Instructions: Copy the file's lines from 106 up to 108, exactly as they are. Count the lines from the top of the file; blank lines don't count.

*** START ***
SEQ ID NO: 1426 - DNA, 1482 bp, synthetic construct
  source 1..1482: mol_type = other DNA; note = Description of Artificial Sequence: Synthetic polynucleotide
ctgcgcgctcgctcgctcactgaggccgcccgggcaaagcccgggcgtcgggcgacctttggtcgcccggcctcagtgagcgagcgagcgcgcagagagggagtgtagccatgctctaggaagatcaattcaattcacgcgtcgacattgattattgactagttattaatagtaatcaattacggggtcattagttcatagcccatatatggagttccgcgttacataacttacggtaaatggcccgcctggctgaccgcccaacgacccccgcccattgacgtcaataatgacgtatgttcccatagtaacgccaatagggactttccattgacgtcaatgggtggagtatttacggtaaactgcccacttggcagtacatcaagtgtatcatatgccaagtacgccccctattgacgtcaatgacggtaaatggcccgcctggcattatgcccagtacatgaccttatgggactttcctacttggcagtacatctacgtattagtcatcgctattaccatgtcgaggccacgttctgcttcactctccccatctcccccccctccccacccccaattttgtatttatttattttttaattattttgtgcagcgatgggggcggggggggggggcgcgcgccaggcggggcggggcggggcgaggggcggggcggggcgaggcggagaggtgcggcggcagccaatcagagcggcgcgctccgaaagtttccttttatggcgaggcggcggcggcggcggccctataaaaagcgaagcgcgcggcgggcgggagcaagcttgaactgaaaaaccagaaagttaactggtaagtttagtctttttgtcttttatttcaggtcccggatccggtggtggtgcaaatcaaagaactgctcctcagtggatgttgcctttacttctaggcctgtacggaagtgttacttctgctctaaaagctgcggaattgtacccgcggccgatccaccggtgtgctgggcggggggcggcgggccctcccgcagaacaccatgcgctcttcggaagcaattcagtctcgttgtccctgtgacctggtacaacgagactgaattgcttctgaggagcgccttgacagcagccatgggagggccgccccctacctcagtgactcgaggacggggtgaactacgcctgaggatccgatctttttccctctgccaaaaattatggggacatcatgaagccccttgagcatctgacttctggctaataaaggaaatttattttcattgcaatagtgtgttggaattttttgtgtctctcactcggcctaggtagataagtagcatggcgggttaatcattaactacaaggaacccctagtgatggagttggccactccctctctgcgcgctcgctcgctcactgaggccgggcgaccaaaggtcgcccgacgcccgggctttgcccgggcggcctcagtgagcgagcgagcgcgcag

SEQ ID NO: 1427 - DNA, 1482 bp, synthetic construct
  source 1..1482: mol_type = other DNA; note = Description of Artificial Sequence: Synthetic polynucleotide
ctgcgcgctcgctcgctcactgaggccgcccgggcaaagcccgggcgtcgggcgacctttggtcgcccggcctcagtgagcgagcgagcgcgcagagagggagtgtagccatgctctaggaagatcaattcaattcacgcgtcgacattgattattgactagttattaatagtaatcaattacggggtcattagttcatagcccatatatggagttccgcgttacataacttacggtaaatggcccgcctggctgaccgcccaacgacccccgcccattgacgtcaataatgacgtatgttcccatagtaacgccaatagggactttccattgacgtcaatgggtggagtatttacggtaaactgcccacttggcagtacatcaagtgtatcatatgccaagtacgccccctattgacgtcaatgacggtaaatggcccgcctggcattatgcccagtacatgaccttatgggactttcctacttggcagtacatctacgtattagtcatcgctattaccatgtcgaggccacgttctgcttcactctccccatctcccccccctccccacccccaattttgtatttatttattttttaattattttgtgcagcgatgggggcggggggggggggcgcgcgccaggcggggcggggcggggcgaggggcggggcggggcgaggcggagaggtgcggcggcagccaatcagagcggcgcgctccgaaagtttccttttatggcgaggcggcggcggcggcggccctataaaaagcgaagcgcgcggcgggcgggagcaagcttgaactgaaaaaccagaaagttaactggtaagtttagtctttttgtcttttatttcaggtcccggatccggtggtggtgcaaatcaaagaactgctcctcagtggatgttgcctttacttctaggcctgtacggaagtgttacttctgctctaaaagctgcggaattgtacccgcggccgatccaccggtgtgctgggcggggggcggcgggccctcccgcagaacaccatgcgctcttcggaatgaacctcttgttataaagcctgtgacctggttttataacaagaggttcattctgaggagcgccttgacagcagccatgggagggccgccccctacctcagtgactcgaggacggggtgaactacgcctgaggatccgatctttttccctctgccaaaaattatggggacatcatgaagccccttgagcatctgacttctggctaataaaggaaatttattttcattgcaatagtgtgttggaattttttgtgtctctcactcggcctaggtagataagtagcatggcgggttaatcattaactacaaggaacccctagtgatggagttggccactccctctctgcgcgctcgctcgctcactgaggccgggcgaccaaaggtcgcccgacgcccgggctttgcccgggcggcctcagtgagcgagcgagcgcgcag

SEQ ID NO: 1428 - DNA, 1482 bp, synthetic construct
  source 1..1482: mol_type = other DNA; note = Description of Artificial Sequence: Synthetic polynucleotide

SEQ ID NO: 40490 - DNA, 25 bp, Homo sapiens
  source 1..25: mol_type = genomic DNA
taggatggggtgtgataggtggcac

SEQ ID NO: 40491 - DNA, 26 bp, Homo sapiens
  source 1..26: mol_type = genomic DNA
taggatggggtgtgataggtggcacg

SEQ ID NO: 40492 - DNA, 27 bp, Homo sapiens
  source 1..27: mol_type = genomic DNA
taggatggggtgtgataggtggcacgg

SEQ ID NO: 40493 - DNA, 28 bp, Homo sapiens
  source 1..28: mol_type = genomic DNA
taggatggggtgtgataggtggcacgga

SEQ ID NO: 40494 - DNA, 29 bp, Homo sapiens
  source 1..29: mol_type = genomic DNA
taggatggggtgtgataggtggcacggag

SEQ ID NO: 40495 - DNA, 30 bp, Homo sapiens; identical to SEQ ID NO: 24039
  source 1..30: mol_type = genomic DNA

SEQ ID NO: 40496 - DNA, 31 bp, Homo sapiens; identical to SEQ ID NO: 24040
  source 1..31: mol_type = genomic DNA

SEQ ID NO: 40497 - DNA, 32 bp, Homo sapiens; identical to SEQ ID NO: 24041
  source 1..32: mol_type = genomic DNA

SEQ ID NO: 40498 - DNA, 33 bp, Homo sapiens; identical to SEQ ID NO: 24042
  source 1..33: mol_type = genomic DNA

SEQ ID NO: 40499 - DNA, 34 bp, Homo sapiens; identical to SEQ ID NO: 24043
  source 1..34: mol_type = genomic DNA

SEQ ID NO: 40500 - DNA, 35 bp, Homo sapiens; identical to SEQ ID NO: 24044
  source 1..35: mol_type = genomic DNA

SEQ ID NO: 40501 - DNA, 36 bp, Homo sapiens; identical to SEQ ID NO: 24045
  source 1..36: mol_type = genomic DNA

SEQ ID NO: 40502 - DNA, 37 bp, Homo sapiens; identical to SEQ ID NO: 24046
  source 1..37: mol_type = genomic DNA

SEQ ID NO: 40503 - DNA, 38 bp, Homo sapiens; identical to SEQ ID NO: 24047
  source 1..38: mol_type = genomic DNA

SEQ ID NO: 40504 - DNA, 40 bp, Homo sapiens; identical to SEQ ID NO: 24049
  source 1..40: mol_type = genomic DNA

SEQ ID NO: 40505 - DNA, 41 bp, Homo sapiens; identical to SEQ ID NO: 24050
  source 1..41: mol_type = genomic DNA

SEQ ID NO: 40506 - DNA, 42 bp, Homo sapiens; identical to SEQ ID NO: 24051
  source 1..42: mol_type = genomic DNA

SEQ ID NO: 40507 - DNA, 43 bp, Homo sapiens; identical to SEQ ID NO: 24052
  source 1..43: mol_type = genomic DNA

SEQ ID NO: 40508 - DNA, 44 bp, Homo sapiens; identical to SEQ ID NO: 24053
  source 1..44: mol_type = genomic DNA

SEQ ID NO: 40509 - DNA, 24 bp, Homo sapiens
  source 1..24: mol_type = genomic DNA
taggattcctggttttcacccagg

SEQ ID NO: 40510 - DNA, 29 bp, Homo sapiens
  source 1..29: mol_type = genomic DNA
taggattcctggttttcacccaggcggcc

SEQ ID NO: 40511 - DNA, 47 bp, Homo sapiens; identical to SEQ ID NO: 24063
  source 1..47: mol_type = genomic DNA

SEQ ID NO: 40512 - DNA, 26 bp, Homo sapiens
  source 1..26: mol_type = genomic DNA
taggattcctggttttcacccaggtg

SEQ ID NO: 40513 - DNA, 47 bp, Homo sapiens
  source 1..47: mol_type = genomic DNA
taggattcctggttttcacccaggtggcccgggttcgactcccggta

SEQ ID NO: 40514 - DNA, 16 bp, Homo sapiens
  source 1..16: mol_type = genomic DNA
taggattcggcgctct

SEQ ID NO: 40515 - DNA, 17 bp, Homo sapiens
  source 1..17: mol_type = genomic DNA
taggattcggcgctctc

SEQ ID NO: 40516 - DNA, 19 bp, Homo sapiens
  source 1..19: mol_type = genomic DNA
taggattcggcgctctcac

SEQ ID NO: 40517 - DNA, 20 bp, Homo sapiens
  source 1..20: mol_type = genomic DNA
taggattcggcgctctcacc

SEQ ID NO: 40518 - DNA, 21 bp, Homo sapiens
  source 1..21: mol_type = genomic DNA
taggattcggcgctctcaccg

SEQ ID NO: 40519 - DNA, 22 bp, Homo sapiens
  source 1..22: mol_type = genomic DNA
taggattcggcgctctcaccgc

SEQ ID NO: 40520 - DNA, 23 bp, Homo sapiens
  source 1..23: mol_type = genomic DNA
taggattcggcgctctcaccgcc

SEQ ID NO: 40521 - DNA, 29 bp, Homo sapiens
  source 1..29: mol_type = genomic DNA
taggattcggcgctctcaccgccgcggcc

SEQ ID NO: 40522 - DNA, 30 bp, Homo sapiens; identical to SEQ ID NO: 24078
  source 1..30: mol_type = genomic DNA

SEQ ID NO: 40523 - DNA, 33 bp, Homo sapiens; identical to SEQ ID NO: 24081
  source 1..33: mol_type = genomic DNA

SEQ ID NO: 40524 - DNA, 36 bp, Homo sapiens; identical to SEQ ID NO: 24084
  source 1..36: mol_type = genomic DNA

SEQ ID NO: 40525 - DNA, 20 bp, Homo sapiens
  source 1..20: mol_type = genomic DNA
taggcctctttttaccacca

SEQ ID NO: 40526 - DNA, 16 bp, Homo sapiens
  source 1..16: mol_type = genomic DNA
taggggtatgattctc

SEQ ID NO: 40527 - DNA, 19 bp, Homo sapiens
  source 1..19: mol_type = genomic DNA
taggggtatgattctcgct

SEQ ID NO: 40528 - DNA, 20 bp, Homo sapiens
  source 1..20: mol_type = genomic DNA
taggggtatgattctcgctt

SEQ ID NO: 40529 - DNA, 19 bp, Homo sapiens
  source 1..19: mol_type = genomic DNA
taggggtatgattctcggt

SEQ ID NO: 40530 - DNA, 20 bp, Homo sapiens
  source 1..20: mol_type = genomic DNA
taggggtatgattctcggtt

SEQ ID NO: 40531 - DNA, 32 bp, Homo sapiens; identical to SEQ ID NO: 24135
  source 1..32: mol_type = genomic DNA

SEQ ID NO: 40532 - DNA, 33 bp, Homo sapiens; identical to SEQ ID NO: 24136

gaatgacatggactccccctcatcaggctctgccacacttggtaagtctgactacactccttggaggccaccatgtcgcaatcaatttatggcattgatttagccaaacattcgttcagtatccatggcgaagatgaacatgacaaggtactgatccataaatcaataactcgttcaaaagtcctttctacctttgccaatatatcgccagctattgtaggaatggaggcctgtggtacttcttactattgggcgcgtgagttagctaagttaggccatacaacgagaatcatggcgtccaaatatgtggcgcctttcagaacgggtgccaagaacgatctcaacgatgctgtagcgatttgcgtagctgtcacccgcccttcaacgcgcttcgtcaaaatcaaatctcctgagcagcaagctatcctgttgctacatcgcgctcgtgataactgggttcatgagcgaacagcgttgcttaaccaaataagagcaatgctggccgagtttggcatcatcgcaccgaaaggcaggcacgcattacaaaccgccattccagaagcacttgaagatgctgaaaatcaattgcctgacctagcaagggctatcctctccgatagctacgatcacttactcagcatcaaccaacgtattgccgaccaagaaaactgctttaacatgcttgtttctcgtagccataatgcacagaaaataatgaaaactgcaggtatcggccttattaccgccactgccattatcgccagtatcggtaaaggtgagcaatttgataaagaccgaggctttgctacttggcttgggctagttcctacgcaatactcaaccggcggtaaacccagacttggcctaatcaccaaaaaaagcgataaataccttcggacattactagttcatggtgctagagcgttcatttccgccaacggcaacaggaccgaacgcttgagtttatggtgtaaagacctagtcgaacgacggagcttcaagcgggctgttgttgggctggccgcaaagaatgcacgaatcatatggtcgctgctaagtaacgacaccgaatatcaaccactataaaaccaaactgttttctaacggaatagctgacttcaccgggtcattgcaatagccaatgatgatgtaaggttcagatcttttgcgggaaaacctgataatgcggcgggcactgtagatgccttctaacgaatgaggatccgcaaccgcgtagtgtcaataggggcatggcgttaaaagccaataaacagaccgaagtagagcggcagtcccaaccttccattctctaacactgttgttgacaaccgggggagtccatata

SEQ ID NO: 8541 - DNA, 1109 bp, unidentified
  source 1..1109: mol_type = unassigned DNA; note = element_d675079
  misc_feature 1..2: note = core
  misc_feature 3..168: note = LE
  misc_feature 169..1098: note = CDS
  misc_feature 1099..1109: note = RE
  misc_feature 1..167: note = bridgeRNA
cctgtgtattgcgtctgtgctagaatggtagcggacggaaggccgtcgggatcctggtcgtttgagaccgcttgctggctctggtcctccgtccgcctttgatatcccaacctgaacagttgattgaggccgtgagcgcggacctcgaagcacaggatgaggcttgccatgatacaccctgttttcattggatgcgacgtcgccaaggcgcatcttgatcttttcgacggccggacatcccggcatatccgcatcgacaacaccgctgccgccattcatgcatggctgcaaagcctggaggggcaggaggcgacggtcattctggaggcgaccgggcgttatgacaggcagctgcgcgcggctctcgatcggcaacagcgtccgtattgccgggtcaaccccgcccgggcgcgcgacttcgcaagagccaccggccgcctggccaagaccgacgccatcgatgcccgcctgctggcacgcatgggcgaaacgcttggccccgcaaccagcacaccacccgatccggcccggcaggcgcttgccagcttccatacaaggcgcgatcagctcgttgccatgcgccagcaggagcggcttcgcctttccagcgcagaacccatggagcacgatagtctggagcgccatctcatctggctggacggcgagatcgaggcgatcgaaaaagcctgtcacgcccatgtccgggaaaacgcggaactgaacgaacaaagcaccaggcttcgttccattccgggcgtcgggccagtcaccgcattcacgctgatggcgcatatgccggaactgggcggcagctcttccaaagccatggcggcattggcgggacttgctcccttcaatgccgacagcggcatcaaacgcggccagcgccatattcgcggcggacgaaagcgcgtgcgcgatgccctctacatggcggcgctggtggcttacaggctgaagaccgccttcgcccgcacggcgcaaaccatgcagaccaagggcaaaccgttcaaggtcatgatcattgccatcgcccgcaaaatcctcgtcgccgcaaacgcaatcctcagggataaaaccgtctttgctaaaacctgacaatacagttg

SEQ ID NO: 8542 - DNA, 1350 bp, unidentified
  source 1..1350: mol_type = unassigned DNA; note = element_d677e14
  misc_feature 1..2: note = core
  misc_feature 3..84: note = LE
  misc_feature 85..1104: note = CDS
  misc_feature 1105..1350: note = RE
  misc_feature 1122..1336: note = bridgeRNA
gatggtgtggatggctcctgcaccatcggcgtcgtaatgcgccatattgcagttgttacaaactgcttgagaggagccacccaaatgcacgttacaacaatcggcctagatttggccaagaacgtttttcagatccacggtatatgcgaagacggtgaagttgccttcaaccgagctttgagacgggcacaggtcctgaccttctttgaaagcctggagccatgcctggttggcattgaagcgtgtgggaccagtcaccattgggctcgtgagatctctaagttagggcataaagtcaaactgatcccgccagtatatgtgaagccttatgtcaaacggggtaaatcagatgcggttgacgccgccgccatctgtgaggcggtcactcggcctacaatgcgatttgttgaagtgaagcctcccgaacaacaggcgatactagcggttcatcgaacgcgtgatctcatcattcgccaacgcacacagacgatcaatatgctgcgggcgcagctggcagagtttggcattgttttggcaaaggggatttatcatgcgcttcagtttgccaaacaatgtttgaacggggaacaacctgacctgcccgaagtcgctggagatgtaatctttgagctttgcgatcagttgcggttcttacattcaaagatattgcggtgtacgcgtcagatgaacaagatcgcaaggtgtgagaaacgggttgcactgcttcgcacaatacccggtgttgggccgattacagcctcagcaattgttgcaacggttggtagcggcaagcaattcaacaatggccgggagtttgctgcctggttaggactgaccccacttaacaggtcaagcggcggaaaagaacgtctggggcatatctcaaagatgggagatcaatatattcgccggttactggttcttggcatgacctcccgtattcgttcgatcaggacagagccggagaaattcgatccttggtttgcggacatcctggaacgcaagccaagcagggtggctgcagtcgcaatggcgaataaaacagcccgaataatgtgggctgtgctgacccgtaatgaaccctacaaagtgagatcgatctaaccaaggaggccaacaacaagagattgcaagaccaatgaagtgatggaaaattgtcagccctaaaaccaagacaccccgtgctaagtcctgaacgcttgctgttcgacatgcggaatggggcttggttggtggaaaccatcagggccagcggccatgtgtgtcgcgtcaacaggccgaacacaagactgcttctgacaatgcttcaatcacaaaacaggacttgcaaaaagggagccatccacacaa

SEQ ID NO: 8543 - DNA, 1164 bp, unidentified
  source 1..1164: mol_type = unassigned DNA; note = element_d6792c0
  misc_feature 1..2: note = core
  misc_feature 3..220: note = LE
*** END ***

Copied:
  source 1..20: mol_type = genomic DNA
taggggtatgattctcgctt

SEQ ID NO: 40529 - DNA, 19 bp, Homo sapiens